But once we’re hooked, “Next Fall” gently pulls us into deeper waters. (Seeing it for the second time I realized how this production sets those depths churning from the beginning, in the silences that exist between the forced, cheery talk.) Suddenly you’re in the middle of a serious work that turns out to have more on its mind than could be found in the collected works of Yasmina Reza, Broadway’s comic playwright du jour.
You could say that “Next Fall” is about religious faith, and how even in everyday life it separates people as much as it unites them. But the play doesn’t wear its theme like a merit badge. Instead it considers how the need to believe in something beyond other people tests relationships — among lovers, friends and family members.
Mr. Nauffts has created a finely graded scale of the forms and degrees of such faith within his cast of characters, all conceived without judgment and much compassion: Adam’s best friend, Holly (Maddie Corman), a single woman with a fondness for gay men; Butch (Cotter Smith), Luke’s fundamentalist, manly father from Florida; Arlene (Connie Ray), Luke’s mother, a reformed wild woman; and Brandon (Sean Dugan), a friend who fell out of Luke’s life when Adam showed up.
In theory the characters line up in camps, with Adam and Holly wryly waving the banner of agnosticism, while the others toe the line of a literal-minded Christianity. But it gradually becomes clear that no one believes in exactly the same way, that, like it or not, religion is as individual and ingrained as a fingerprint. Having brought its characters together in a New York hospital by a serious accident, “Next Fall” alternates between flashback and present-tense scenes to examine those differences and to consider the leaps of faith that any relationship requires.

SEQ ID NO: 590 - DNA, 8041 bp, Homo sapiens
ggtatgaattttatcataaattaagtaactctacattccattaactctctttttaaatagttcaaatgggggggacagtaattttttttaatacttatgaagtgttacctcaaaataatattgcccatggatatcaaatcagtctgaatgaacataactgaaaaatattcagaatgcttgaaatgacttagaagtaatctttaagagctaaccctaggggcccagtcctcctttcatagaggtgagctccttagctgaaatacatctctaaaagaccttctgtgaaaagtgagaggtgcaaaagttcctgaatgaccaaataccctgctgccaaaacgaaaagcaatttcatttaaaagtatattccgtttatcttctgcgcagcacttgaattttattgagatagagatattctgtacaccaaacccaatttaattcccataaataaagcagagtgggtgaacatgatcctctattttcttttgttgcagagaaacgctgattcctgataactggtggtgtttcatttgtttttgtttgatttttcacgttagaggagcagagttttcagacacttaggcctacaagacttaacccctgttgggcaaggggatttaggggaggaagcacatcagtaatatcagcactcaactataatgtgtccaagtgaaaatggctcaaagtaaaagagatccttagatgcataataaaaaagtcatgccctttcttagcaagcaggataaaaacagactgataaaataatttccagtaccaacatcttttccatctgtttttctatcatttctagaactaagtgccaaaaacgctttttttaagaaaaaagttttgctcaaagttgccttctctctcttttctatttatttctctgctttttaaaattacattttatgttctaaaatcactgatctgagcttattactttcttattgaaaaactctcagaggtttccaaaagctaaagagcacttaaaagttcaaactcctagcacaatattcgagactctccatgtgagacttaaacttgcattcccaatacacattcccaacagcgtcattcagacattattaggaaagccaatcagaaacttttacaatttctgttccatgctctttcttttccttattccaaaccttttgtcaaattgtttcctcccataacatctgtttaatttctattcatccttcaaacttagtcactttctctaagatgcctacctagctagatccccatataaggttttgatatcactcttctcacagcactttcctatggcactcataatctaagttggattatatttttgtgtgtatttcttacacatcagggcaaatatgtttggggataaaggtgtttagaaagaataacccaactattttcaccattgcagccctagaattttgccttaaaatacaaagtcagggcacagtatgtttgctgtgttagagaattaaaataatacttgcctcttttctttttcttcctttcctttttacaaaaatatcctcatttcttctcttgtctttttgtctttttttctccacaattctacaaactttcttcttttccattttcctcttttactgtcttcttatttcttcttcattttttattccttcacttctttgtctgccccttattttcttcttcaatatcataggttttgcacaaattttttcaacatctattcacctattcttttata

“Next Fall” has achieved the tricky and necessary feat of retaining its subtlety while increasing its clarity in making the transfer to Broadway. Wilson Chin (sets) and Jeff Croiter (lighting) have scaled up their designs to fill a larger house without strain. Ms. Kaller’s direction is, if anything, more fluid and organic.
The performers, all original cast members, have now moved into their characters as if they had taken lifelong leases on them. They are, to a one, as big as they need they to be, without ever sacrificing complexity. Seen on the deeper stage of the Helen Hayes, they look a little lonelier and more vulnerable than they did off Broadway, which helps to make “Next Fall” the funniest heartbreaker in town.
By Geoffrey Nauffts; directed by Sheryl Kaller; sets by Wilson Chin; costumes by Jess Goldstein; lighting by Jeff Croiter; music and sound by John Gromada; executive producer, Susan Mindell. Presented by Elton John and David Furnish, Barbara Manocherian, Richard Willis, Tom Smedes, Carole L. Haber/Chase Mishkin, Ostar, Anthony Barrile, Michael Palitz, Bob Boyett, James Spry/Catherine Schreiber, Probo Productions and Roy Furman, in association with Naked Angels. At the Helen Hayes Theater, 240 West 44th Street, Manhattan; (800) 432-7250. Running time: 2 hours 20 minutes.
WITH: Patrick Breen (Adam), Maddie Corman (Holly), Sean Dugan (Brandon), Patrick Heusinger (Luke), Connie Ray (Arlene) and Cotter Smith (Butch).